By Chris Hanson
One of the first questions I ask my client is, “What are your financial goals?” The importance of this question is paramount, because all planning decisions are dependent on those goals. It is my job to help you conquer your bucket list. So it’s kind of ironic that many clients are a little bashful about sharing all their goals. The Wicked Smart Investor is here to tell you let things fly; it’s your money and your life after all.
During the pandemic, I revised my bucket list. A couple of years ago, I moved into my sister Margaret’s in-law apartment. She has a non-verbal, autistic son Erik, and with school canceled, there was no one to watch Erik during the day. She’s a nurse and her husband builds homes, so working at home was not an option for either of them. Erik aged out of the Hanover school system and had no placement in an adult program. We have always juggled our schedules to care for Erik, bit I decided to make this living arrangement permanent, so that has me adjusting my life plan.
You see, for a while, I was planning on buying a two-bedroom cape in Marshfield or Plymouth. I like living near the ocean in towns that have year-round activity. The more I thought about it though, I remember that maintaining a suburban home would be another job. I’d spend my weekend raking leaves, washing windows and scrubbing bathrooms. Then after that, maybe I’d clean gutters, mow the lawn, and wash the floors. Between my business, maintaining a house, and helping with Erik I would not have any free time. Although Erik now is in a day program things are still busy. If I want my own life, I simply have to make adjustments to my plan.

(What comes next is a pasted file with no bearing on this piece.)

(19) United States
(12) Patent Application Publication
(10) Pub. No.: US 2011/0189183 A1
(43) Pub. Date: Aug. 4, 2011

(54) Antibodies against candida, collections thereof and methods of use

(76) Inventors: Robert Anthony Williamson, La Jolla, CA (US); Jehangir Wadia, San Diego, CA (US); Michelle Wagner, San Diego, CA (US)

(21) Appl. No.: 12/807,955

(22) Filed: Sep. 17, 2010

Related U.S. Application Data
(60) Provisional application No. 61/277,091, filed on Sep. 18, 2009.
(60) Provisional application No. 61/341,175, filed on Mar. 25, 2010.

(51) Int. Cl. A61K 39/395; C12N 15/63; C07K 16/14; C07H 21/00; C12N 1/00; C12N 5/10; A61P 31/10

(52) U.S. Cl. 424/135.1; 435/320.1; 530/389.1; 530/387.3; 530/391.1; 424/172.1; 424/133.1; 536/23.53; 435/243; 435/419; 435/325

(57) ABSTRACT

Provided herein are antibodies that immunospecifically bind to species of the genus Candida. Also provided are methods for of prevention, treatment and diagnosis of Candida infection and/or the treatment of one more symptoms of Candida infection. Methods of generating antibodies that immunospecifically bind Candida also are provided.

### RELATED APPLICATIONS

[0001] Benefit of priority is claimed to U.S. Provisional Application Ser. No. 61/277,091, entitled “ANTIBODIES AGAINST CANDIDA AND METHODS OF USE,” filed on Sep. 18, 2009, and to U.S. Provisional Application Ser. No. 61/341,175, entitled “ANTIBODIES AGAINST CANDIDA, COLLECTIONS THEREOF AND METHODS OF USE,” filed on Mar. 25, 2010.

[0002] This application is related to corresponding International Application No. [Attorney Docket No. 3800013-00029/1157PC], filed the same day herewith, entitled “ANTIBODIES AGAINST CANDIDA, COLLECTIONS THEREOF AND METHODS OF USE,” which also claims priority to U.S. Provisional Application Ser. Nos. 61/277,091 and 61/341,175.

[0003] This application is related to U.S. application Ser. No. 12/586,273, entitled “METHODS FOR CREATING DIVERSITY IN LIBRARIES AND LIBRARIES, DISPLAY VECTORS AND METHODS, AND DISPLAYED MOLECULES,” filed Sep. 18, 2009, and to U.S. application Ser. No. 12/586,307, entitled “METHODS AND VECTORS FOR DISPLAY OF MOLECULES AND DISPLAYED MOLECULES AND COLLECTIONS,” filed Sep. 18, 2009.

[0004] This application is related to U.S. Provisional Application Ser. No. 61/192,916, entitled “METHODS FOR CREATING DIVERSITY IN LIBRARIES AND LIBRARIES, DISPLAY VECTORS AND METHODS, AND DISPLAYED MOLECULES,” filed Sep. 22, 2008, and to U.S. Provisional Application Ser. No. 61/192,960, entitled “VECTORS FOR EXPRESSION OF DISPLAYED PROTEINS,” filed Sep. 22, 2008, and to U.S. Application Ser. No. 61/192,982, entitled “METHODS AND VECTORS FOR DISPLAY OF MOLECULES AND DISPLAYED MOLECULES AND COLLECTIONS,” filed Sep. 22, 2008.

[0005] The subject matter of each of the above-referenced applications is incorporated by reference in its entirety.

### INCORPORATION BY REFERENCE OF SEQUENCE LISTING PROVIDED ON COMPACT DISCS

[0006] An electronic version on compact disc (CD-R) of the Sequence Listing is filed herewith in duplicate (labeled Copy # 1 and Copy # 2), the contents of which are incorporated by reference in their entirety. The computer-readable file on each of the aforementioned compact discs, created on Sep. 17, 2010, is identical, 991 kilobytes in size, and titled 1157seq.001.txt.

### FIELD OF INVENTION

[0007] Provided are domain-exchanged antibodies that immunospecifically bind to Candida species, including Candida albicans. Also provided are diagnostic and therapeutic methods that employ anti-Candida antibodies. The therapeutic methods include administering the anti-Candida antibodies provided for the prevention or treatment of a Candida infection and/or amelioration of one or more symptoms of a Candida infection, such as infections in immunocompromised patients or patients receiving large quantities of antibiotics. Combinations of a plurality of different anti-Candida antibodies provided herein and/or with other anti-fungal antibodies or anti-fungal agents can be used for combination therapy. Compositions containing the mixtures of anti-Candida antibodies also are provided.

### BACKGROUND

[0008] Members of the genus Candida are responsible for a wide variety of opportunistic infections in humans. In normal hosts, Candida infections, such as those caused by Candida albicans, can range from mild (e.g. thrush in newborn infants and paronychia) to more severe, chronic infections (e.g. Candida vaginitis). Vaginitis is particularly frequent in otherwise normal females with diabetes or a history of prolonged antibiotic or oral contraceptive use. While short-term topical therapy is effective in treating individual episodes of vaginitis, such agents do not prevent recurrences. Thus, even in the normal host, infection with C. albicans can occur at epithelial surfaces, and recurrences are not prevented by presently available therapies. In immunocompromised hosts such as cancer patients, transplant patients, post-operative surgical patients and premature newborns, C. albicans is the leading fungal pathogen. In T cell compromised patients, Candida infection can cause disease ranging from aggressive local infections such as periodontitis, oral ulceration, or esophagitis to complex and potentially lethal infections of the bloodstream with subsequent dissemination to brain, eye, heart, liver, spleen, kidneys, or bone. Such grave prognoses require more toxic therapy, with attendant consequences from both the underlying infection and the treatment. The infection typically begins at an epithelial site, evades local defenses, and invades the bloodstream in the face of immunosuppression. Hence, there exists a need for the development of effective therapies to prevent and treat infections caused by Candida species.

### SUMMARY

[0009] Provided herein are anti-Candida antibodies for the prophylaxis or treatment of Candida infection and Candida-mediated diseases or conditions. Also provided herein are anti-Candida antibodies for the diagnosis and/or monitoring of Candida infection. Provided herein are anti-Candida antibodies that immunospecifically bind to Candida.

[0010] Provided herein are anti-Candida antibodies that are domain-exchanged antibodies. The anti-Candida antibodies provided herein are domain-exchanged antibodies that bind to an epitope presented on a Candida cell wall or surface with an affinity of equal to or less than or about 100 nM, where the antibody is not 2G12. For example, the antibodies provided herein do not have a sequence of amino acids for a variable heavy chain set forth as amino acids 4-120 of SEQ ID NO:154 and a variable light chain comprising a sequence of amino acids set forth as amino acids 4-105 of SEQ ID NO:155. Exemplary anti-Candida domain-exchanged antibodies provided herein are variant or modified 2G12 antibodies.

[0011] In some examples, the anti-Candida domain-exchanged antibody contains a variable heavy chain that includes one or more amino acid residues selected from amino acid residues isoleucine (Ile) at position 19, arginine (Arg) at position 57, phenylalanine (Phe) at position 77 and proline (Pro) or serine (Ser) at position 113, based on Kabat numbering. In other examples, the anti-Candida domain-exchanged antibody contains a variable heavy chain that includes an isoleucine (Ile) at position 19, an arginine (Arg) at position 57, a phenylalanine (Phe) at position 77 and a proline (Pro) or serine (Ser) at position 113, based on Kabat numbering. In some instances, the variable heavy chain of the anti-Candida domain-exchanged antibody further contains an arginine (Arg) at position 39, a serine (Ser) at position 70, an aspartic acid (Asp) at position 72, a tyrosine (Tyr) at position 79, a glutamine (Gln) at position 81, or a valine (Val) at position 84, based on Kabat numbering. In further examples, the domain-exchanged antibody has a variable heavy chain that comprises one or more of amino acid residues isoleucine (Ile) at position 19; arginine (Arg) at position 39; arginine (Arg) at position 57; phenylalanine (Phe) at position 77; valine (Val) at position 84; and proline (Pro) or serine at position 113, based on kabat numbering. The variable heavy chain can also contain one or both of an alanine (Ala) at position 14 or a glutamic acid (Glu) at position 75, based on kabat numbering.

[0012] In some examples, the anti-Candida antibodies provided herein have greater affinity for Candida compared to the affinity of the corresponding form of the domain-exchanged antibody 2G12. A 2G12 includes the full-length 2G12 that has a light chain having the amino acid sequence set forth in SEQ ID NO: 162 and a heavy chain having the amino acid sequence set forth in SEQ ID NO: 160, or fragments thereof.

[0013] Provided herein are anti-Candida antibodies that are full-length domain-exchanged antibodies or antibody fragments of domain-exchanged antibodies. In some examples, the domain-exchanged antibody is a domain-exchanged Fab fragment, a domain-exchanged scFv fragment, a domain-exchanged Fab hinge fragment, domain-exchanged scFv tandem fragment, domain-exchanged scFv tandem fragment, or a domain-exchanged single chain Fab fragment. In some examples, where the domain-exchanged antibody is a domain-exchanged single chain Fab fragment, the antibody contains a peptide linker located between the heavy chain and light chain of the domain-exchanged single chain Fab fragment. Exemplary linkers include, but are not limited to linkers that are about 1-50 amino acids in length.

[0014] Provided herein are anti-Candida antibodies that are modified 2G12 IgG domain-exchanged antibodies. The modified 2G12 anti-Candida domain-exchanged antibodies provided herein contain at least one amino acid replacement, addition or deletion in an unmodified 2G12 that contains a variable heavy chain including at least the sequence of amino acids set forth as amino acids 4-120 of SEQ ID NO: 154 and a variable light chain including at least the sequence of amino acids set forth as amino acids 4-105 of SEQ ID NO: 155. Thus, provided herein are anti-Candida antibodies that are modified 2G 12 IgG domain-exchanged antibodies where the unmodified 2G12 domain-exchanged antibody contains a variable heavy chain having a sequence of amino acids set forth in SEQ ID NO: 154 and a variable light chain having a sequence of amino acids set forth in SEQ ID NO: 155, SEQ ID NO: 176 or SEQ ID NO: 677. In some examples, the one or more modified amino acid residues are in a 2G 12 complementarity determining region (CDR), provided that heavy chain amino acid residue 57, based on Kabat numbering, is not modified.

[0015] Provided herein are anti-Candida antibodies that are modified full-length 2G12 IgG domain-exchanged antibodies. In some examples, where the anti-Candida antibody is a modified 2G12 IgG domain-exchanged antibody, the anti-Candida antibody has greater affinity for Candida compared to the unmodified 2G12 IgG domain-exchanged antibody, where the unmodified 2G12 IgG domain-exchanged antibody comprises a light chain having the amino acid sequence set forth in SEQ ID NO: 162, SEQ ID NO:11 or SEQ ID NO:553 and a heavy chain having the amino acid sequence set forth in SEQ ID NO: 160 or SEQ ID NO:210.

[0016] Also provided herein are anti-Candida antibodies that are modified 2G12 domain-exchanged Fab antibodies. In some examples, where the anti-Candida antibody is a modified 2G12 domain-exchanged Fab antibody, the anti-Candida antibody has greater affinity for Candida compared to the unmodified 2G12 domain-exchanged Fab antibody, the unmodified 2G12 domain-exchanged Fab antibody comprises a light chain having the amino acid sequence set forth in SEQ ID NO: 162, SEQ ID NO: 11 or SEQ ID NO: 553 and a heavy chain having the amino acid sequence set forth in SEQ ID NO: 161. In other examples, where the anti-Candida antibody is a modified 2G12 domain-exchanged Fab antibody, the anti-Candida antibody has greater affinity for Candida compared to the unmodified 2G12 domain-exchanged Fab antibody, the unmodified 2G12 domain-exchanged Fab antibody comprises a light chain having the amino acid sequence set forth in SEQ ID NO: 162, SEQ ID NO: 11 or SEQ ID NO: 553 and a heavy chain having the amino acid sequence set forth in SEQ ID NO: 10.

For one change, I decided to indulge my love of stodgy old Boston and buy a small condo in Beacon Hill, and I’ll live there on the weekends. The fancy-schmancy name for such properties are pied-à-terre, meaning a small property for occasional use. When I share this idea with some friends, some well-meaning people become critical of my goals.
Let’s explore my logic. In Hanover I have a swimming pool, stone walls, and fall foliage. Rexhame beach is a short drive away and I can enjoy wooded walking paths all over town. But I really like city life. I dream of waking up Saturday morning and possibly strolling in the Public Garden, writing in the Athenaeum, or kayaking on the Charles. Then, after that maybe I’ll attend a Bruins game, see the latest movie at Loews Common, and hit Bova’s for a late-night snack. Now this is good living!
Yet people, again with the best of intentions, shared their unsolicited two cents (and if they’re in my family they’ll put in a whole quarter!). I have been told parking is expensive in town. Well, I’ll leave the car in the suburbs. A pack rat informed me that small living units fill up quickly. That’s an easy problem to solve, I won’t put much in it. I was also warned of tourists and nosy neighbors peeking in my windows. Let me tell you, if people are concerned with what I’m doing then they really have problems!
I did take all the warnings into consideration, but I am sticking to my guns. This arrangement works well for Erik and me. I can be quite a curmudgeon when I want to be.
I strongly encourage you to present and stubbornly defend a realistic bucket list during financial planning discussions. As long as there is nothing illegal on that list, a good financial planner will support your decisions. We all know life can be difficult; indulge yourself when possible.